Where's Our Train Stop, Hell's Kitchen Pols Asks MTA

HELL’S KITCHEN, NY — The MTA might not love the idea of building a 10th Avenue station on the 7 line, but a number of local lawmakers in Hell’s Kitchen are saying it’s past time to get it built.

A long-ago promised station at West 41st Street and 10th Avenue was initially pitched as part of the 1.3-mile-long 7 line extension to Hudson Yards years ago, but was ditched in 2008 by the MTA due to budget constraints.

And nearly two decades later, west side residents are still slogging the long trek to the Eighth Avenue subway line— and the MTA has continued to ignore the need for the station, despite it’s spiking population growth, according to a letter by Council Member Erik Bottcher, Rep. Jerry Nadler, Borough President Mark Levine, Assembly Member Tony Simone and State Senator Brad Hoylman-Sigal.

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In the most recent 20-Year Needs Assessment released by the MTA, a comparative evaluation of the plans for the station were dismissive of the idea, deeming the station expensive and not serving enough riders for the benefit.

The station’s construction price tag is estimated at $1.9 million and would only see 55,000 daily riders, the MTA wrote, calling the project high cost and low benefit.

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“An infill station on the 7 line would shorten commute times for some customers traveling to and from emerging areas of Hell’s Kitchen and Hudson Yards,” the MTA evaluation of the proposed station reads, “but the project would have a significant construction cost and would not substantially decrease crowding or expand accessibility regionally, since it serves an area already served by other transit lines.”

The station would also not help lessen crowding and could actually add time to commuters heading to the West 34th Street station.

According to the evaluation, the project objective of the station would be to “shorten commute times to developing areas of Hudson Yards.” The MTA said the proposed station would only save riders one minute per trip.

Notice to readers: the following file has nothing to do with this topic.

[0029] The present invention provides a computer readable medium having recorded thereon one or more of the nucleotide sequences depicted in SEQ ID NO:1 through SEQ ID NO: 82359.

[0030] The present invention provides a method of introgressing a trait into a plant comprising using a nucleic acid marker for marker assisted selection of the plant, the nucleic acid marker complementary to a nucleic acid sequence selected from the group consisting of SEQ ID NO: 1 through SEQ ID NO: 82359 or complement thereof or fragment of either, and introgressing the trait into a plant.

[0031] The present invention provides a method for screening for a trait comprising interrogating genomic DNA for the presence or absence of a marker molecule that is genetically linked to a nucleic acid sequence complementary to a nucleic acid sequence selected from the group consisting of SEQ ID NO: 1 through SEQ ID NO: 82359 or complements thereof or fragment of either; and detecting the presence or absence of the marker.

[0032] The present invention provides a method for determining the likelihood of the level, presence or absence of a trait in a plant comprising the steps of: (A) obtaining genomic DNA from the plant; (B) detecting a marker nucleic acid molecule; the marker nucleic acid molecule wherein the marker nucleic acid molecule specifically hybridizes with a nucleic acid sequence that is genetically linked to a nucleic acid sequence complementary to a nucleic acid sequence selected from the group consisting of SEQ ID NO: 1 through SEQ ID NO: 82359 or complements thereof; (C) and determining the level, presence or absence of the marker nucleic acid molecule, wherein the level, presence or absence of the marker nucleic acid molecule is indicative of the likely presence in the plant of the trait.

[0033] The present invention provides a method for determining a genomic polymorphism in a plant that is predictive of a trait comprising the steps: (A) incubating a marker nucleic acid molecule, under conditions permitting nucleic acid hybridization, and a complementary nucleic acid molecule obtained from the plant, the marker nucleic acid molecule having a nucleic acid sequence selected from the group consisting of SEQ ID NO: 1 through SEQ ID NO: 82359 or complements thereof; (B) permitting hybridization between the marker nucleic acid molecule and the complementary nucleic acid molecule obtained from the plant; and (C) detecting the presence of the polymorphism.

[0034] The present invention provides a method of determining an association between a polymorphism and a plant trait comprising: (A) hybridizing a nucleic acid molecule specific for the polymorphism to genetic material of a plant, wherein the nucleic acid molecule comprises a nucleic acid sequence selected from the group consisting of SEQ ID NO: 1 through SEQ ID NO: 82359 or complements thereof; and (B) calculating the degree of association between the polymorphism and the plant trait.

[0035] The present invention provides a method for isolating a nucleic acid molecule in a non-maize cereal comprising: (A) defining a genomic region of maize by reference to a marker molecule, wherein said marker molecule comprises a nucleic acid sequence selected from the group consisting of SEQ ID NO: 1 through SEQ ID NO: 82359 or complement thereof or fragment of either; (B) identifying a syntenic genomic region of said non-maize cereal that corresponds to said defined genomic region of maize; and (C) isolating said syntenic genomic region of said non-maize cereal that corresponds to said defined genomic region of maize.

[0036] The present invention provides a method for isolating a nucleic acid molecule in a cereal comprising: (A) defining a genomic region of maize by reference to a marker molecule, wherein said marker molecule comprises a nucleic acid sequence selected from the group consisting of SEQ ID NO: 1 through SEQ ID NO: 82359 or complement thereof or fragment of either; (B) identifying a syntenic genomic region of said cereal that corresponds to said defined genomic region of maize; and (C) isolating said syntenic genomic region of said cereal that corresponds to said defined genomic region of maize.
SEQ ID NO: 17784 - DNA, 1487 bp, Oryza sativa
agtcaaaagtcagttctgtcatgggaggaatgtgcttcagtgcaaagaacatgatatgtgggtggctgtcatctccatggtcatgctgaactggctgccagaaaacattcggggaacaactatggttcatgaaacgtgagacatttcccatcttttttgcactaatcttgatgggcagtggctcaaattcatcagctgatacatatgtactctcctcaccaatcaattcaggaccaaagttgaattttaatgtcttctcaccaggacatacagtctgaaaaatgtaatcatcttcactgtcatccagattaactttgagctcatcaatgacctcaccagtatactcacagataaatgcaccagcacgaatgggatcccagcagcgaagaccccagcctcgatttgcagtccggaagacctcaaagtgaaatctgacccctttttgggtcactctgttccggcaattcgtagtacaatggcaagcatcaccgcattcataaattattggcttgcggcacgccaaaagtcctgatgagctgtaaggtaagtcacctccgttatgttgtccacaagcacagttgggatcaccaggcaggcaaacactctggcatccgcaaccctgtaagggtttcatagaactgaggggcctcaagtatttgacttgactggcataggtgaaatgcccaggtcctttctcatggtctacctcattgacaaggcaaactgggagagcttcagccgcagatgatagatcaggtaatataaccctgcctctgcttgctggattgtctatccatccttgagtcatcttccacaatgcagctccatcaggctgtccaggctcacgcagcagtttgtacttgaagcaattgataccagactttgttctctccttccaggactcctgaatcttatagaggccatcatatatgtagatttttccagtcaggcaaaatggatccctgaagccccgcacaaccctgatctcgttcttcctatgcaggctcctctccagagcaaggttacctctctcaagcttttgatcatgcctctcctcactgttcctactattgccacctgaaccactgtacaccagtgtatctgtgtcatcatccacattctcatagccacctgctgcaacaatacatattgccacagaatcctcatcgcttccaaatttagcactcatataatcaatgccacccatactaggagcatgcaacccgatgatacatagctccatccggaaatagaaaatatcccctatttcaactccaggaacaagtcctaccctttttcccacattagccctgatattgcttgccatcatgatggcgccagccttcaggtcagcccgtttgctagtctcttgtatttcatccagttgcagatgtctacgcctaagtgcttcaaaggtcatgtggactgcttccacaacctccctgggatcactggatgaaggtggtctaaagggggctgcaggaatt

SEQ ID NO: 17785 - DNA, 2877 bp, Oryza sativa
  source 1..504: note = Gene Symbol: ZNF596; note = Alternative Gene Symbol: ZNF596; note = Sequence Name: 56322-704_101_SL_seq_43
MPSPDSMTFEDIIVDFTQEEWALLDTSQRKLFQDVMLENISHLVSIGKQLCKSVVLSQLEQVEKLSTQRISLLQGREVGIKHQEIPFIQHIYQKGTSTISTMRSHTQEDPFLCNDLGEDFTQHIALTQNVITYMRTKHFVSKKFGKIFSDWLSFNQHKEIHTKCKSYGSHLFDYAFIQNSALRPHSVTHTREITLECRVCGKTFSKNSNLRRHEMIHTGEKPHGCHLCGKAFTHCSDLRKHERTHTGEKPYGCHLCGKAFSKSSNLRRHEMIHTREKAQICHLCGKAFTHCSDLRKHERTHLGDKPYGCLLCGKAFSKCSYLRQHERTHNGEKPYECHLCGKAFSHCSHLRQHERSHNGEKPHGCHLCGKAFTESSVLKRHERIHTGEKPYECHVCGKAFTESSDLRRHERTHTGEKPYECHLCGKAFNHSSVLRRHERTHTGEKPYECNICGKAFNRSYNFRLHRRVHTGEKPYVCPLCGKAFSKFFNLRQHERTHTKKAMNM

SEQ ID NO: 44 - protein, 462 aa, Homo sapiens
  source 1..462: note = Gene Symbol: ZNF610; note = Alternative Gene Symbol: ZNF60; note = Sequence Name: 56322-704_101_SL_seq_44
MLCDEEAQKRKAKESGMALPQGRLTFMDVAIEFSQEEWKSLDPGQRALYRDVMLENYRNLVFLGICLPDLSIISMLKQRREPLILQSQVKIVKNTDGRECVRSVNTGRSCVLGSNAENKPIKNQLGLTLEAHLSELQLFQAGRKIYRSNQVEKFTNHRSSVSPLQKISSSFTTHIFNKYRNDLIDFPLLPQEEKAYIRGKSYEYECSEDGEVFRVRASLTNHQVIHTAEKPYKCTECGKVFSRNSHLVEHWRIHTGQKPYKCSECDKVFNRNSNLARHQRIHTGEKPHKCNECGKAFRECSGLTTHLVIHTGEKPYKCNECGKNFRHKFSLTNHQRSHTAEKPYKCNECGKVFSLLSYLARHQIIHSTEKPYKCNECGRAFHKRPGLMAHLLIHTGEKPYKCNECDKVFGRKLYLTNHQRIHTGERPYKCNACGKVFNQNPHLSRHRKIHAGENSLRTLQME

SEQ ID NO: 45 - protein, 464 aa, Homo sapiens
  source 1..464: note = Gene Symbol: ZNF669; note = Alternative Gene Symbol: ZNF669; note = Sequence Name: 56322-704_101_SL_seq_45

Bottcher, who ran on pushing for the construction of the station during his campaign to replace former boss and former City Council Speaker Corey Johnson, helped pen the letter to Gov. Hochul and MTA Chairman Janno Lieber, calling on the agency to not forget about Hell’s Kitchen.

“We are disappointed by the [MTA’s] assessment of this project in its 20 Year Needs Assessment, but we are hopeful that this station will ultimately be included in the MTA’s next Capital Program,” the letter reads.

Since the “ill-advised decision was made to remove this station” from the original 7 line extension, the letter reads, the neighborhood’s population has grown by nearly 30 percent, according to the 2020 Census.

“This was a missed opportunity,” the letter said. “As elected representatives, we ask that you move forward with construction of this station that would have a positive and lasting impact on the lives of New Yorkers for generations to come.”

There might not be much room in the next capital plan according to the transit agency, citing investments needed to keep “our existing system in a state of good repair and delivering cost-effective projects are top priorities,” said MTA Spokesperson Aaron Donovan.

Any path forward for the station, according to the MTA, would have to include funding by multiple parties — a mix of private, local and federal dollars — as it was originally pitched with such a funding model originally.

Hopes of a 10th Avenue station were briefly revived in 2016, when the city said it was conducting a feasibility study for the $1 billion station as part of a new development including a headquarters for the nonprofit Covenant House.

“It was a bait-and-switch. We got one station but we didn’t get the second that we were promised,” Hoylman-Sigal said at a 2022 rally in support of the station.

“A lot of people live even further west than we are now,” Bottcher said at the same rally, where nearly all of the current letter-signers were present. “It is a very very long walk to the subway.”

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